For example, in the sample statement in the beginning of this article, the company might own more than one factory and multiple distribution centers. We should try to convert this to a network that has a unique source and sink.
In order to accomplish this we will add two “dummy” vertices to our original network – we will refer to them as super-source and super-sink.
It is just a simple practical solution that may work for the author. Assume it is stored in a data structure which allows easy vertex/arc insertions/deletions. It's more or less straightforward for insertions: For deletions things became more complicated.
I can't provide any references because I always thought it is a widely known folklore, but strangely enough nobody posted it in the answer. Imagine we split the vertex $v$ we are about to delete into 2 halves $v_$ and $v_$ such that all in-arcs points to $v_$, all out-arcs goes from $v_$ and this new vertices are connected by an arc of infinite capacity.
To make the flow constraints be held again we should rearrange flows, but also we want to keep the original flow value as high as possible.
Updating maximum flow Nsa encounter perth wa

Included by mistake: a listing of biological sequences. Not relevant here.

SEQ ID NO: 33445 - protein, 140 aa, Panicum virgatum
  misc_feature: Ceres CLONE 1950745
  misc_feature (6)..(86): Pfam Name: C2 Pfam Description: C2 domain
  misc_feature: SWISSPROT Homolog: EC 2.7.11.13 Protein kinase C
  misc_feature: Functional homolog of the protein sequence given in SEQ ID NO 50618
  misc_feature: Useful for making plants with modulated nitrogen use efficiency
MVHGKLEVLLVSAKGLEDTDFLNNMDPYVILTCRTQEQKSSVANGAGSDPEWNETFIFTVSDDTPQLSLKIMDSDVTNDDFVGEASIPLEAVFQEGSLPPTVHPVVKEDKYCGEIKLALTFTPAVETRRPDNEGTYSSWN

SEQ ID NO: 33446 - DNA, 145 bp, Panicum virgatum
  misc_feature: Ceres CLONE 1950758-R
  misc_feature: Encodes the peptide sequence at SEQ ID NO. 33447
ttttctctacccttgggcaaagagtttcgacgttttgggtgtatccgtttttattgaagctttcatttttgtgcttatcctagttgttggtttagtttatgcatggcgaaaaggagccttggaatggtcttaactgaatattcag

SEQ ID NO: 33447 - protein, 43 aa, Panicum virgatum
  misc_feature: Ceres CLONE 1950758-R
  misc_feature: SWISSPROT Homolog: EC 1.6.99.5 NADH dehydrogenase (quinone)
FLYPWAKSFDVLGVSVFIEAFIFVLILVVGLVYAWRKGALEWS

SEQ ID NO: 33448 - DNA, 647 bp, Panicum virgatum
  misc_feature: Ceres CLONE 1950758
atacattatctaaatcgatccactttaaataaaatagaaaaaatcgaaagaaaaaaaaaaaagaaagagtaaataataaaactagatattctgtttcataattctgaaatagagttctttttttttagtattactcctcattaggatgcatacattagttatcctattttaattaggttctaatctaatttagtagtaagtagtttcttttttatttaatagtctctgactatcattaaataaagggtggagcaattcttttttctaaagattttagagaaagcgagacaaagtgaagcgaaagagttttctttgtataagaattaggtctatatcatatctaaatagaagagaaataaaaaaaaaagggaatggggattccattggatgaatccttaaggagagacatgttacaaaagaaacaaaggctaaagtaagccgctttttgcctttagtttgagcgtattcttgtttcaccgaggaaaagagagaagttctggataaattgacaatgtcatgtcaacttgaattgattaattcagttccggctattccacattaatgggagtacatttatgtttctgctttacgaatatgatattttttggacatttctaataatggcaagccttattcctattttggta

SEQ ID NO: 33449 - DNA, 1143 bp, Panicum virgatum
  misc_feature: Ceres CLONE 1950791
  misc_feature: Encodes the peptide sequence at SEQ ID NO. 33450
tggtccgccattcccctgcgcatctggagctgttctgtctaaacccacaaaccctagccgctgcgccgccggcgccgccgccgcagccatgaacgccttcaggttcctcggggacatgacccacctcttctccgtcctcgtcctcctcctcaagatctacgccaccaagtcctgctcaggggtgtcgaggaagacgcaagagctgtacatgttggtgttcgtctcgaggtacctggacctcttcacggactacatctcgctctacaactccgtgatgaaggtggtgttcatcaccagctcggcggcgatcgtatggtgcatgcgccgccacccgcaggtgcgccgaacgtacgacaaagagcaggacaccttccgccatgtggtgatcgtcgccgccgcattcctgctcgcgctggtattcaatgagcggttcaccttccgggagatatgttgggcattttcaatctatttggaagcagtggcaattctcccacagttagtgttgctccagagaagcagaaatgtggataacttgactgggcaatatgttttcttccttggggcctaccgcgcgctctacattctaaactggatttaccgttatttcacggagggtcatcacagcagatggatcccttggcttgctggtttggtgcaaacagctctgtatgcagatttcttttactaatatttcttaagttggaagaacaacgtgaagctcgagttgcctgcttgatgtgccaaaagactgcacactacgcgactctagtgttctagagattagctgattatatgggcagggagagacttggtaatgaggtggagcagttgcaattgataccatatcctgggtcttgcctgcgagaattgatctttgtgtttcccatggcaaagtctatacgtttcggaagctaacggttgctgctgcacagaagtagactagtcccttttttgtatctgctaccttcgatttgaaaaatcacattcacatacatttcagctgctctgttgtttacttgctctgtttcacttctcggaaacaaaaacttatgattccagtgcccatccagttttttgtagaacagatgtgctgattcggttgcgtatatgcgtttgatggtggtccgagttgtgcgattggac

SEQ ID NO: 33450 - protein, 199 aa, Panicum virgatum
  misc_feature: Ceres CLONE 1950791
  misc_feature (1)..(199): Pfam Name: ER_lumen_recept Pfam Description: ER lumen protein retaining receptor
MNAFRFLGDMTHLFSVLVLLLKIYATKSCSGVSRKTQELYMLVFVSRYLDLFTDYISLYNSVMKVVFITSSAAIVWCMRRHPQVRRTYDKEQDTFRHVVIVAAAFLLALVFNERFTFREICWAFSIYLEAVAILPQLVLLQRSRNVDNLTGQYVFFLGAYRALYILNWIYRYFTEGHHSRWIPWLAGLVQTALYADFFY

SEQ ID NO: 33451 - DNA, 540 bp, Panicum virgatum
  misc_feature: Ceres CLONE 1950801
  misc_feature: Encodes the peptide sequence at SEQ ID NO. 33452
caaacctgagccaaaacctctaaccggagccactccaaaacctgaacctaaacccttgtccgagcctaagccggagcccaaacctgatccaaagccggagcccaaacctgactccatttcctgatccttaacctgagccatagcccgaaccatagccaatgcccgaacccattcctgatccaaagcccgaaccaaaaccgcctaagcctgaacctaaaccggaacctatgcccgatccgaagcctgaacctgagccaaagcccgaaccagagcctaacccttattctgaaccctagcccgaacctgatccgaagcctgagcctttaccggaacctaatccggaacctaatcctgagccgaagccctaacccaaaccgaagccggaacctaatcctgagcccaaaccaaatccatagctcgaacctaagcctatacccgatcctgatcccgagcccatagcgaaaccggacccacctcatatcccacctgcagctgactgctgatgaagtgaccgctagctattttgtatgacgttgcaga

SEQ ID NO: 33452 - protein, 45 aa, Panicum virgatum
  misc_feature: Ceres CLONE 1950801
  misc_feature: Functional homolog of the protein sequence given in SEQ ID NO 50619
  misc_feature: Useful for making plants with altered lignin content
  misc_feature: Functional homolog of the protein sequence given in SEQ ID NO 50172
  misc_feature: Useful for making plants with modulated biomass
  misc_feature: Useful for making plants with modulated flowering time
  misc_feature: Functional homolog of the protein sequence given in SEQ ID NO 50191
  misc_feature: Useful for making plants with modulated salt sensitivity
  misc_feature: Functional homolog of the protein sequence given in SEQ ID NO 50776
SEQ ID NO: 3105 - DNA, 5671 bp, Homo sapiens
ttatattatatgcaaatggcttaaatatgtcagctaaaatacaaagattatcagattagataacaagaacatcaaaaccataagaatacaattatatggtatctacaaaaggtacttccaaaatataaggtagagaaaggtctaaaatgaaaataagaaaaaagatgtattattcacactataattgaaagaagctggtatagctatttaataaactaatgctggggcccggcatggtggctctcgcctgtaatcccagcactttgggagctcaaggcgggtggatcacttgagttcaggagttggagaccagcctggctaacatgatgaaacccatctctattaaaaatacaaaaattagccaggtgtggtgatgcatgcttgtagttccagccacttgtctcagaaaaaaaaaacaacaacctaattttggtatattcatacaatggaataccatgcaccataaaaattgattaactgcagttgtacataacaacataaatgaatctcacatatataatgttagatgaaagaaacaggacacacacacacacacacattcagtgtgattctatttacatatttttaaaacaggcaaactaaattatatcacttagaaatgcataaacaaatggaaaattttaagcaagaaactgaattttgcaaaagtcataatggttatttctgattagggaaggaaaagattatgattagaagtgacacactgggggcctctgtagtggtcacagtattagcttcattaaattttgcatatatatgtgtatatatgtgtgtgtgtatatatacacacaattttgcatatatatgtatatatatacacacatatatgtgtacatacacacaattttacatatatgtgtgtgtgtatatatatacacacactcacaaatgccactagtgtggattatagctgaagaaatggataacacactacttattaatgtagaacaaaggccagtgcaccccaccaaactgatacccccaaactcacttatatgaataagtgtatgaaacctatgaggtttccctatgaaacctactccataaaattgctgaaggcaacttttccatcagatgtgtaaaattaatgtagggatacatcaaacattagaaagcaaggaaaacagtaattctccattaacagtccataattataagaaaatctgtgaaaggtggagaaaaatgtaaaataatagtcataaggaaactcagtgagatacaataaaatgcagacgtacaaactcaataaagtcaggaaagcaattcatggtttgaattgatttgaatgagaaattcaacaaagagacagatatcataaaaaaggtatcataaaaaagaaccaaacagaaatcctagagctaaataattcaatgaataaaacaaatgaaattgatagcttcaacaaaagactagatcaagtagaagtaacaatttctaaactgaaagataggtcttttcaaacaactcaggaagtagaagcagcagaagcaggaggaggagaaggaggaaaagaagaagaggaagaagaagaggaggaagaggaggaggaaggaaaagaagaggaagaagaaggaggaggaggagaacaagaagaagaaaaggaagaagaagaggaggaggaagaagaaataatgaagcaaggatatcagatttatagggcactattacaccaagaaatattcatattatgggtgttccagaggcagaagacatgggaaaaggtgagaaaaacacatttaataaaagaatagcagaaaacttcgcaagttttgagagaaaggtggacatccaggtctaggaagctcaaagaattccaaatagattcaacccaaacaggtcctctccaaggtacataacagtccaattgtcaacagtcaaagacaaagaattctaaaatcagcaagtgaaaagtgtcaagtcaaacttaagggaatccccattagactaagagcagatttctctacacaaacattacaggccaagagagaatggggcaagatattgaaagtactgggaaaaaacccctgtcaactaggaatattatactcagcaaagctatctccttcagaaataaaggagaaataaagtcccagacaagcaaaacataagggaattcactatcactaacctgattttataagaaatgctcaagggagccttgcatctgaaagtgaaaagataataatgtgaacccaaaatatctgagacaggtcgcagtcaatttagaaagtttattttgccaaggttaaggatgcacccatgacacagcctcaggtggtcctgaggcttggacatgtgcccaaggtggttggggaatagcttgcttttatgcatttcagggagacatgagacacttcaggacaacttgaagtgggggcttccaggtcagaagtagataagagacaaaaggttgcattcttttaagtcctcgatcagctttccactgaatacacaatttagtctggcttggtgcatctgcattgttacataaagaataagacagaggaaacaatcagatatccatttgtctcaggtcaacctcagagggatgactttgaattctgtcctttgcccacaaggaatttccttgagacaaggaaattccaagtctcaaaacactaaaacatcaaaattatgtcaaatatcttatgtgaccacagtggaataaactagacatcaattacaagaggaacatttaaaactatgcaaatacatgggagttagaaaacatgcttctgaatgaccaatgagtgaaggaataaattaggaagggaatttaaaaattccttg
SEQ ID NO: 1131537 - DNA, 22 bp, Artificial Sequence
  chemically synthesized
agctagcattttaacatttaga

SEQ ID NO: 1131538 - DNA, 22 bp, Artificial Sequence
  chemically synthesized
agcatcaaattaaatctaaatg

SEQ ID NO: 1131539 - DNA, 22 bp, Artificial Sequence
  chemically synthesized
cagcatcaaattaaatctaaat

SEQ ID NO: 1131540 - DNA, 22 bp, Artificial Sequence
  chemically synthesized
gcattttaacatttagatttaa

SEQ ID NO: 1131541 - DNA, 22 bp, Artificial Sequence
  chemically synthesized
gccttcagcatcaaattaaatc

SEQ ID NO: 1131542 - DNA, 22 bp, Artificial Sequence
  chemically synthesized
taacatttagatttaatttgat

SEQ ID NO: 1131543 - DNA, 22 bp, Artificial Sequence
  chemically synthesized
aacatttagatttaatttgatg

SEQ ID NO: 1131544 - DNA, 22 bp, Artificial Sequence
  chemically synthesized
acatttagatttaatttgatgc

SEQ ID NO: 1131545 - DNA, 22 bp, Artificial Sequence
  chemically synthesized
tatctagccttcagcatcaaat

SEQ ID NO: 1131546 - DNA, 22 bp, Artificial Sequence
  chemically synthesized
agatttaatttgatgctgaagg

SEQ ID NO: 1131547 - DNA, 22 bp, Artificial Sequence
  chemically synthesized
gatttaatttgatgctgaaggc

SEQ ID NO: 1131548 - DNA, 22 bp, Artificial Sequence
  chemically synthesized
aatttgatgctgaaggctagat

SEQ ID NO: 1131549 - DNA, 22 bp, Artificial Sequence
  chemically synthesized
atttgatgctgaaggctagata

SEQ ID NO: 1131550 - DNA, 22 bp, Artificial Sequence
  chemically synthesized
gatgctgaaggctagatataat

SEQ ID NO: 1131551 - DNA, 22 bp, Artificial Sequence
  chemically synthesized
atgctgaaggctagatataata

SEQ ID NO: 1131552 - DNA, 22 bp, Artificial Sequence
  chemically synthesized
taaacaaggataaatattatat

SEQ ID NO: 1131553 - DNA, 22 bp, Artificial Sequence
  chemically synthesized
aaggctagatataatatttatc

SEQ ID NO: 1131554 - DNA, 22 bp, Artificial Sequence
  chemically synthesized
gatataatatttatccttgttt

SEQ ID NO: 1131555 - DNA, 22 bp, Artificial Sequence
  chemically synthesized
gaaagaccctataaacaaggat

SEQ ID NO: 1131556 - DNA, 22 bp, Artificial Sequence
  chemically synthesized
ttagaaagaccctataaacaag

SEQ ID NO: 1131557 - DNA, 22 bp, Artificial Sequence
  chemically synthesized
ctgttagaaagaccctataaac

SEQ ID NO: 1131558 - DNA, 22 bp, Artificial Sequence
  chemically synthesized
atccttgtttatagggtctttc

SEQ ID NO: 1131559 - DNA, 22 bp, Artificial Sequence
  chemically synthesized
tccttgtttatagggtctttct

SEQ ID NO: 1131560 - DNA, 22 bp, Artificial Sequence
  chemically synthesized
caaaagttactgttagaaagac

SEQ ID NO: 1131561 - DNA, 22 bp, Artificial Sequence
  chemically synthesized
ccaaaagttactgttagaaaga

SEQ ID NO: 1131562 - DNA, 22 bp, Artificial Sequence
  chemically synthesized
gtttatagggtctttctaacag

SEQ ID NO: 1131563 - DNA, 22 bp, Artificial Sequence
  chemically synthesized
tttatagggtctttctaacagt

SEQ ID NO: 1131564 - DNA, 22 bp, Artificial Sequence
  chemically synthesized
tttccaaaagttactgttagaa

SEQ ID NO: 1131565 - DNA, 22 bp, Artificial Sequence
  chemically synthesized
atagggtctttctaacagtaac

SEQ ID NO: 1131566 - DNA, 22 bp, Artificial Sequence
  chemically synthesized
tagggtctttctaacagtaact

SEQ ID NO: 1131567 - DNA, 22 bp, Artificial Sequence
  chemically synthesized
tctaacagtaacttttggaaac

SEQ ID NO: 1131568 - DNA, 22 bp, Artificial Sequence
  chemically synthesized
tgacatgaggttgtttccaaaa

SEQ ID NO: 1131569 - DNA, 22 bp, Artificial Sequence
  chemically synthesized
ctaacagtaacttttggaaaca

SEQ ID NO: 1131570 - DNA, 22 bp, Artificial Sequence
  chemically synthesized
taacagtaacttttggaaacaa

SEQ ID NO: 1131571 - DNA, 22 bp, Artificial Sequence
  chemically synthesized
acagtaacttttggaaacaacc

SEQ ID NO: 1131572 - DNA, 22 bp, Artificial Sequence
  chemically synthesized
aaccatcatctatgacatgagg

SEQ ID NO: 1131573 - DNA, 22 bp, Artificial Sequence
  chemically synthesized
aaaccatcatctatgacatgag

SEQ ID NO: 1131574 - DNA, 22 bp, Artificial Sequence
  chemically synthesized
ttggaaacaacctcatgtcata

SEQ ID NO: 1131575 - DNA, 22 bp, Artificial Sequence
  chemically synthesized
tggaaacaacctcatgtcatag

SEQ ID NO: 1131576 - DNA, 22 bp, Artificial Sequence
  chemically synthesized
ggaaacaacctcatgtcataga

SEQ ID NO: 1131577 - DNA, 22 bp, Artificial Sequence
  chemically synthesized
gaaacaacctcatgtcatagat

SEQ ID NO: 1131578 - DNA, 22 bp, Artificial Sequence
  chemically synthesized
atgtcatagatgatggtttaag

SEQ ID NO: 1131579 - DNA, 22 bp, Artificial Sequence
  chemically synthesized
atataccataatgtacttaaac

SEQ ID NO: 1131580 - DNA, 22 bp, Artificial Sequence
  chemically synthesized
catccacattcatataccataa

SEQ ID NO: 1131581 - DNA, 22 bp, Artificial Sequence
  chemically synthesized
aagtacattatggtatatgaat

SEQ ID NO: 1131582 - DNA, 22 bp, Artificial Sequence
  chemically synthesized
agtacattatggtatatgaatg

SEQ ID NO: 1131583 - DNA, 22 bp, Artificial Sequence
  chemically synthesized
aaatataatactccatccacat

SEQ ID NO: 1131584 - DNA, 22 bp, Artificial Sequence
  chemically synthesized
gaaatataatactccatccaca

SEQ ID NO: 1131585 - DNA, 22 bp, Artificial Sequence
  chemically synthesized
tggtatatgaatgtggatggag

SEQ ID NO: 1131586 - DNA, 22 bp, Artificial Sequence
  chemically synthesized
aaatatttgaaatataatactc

Let's see first if we can do rearrangement without decreasing the total flow. If it happen to be equal to $f^v$ then we are lucky: we have reassigned the flow which was passing through $v$ in such way that the total flow wasn't changed.I'm looking for a fast algorithm to compute maximum flow in dynamic graphs.i.e given a graph $G=(V, E)$ and $s,t\in V$ we have maximum flow $F$ in $G$ from $s$ to the $t$.In addition to this we will add an edge from the super-source to every ordinary source (a factory).As we don’t have restrictions on the number of trucks that each factory can send, we should assign to each edge an infinite capacity. Often they are hard to detect and usually boil down to maximizing the movement of something from a location to another.We need to look at the constraints when we think we have a working solution based on maximum flow – they should suggest at least an approach.paraphrasing the intro to this paper, apparently for vision instances the Boykov and Kolmogorov algorithm does well & there are no known exponential time counterexamples although outside of the vision applications it might perform poorly.so it might be worth trying the B&K algorithm on your data & seeing how it performs & also the microsoft algorithm. maybe the approach might be to decrease cost of traversing the graph if that is expensive or a significant factor (eg graph stored in db vs graph stored in memory) here is an interesting paper that argues that while the nonincremental algorithm for max flow is in P the incremental version is NP complete.Then new/old node $u$ added/deleted with its corresponding edges to form a graph $G^1$. Is there a way to prevent from recalculating maximum flow?Any preprocessing which isn't very time/memory consuming is appreciated. Another simple idea is as this, save all augmenting paths which used in previous maximum flow calculation, for adding a vertex $v$, we can find simple paths (in updated capacity graph by previous step) which start from source, goes to the $v$ then goes to the destination, but problem is, this path should be simple, I couldn't find better than $O(n\cdot m)$ for this case, for $m=|E|$.